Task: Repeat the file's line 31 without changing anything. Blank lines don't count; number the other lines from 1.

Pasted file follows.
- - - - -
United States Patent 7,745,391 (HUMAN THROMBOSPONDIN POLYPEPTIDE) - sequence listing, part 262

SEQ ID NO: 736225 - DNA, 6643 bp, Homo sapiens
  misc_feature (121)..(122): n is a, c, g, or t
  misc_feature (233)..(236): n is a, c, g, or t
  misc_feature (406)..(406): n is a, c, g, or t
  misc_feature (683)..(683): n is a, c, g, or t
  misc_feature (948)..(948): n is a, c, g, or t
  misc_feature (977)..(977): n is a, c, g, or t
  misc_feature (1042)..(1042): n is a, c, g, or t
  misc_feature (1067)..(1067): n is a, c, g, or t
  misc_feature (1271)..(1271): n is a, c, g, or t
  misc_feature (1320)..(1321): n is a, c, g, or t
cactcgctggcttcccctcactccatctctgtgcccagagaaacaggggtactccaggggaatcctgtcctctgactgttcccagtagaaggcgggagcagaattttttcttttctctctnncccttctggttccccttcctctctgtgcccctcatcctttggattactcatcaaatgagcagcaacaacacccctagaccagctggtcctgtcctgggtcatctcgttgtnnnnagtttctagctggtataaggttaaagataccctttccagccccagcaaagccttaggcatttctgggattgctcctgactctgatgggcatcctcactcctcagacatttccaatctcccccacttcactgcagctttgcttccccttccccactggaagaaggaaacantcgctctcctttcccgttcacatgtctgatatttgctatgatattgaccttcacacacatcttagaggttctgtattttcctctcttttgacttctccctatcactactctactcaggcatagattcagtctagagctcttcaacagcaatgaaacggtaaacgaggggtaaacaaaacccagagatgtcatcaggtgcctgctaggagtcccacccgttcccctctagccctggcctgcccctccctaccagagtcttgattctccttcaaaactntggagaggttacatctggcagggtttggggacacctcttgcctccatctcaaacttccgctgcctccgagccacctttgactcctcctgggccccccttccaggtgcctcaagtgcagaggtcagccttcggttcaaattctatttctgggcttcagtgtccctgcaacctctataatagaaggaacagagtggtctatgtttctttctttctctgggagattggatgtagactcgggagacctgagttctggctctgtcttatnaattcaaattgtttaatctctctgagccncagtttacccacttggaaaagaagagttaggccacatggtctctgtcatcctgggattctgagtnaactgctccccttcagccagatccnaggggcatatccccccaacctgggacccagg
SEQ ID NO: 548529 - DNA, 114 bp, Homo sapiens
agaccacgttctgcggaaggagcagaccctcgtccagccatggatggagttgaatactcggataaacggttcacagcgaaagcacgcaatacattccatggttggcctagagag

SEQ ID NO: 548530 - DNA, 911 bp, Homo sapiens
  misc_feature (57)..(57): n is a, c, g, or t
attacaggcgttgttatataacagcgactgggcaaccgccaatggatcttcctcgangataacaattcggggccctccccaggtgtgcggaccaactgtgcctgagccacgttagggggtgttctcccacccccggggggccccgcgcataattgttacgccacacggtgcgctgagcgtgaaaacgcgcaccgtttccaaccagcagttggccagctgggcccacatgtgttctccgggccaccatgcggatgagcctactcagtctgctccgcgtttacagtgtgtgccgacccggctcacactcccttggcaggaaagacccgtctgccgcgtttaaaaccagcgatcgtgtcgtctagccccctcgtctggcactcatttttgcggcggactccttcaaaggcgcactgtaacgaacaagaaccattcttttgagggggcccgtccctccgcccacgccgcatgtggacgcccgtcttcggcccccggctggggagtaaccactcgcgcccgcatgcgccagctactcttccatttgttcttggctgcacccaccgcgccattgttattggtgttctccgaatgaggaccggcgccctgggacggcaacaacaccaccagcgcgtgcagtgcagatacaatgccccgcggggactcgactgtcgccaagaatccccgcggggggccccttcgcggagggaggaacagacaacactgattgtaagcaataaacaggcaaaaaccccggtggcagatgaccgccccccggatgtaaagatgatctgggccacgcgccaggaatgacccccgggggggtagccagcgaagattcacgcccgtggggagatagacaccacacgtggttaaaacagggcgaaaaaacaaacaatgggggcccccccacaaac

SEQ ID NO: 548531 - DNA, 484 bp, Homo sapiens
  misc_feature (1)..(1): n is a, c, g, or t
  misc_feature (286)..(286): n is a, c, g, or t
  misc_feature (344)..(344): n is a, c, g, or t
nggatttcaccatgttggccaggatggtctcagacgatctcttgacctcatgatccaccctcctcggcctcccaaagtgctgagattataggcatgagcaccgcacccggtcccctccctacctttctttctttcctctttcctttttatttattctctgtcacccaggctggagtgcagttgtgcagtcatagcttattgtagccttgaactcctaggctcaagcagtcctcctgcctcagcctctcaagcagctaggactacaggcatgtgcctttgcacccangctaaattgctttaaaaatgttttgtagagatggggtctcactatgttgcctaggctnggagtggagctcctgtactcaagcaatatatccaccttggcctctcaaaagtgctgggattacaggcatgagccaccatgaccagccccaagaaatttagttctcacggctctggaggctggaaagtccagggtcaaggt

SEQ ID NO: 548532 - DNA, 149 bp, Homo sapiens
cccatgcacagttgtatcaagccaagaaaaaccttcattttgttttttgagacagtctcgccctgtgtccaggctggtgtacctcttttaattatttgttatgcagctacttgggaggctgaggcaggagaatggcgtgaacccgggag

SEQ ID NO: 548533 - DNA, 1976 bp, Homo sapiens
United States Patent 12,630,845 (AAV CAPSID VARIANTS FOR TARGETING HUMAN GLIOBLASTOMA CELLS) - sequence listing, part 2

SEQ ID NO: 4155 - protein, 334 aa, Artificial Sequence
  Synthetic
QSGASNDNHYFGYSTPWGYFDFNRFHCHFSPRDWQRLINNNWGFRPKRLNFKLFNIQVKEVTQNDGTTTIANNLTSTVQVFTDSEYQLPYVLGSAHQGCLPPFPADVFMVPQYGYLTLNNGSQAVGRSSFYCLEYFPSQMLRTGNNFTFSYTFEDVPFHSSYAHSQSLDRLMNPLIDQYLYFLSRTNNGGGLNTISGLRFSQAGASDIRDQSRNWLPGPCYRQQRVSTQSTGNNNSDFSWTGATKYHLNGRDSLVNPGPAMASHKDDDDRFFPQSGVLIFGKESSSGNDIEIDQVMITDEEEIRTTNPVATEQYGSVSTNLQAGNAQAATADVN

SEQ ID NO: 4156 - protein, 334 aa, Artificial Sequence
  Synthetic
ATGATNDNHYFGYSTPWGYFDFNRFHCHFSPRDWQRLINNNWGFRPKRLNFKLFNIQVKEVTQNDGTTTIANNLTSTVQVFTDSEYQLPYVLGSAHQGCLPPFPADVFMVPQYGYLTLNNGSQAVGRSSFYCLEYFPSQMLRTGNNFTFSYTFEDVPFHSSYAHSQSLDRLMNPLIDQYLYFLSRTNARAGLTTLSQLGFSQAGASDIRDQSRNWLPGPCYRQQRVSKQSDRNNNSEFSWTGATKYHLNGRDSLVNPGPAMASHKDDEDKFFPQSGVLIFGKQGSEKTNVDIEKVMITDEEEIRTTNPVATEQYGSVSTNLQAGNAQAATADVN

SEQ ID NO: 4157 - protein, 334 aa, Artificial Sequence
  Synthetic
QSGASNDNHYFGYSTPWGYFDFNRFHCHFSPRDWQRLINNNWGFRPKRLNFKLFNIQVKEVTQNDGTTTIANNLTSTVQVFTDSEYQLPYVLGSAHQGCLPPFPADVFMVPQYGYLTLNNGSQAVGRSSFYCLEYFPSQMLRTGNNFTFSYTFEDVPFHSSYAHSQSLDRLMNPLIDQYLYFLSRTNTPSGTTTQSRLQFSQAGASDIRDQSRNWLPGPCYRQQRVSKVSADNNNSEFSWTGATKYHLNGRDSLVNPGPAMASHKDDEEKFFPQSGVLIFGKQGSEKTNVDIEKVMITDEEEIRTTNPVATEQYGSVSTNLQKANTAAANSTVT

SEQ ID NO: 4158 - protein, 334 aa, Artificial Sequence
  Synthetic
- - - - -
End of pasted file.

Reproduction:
SEQ ID NO: 4156 - protein, 334 aa, Artificial Sequence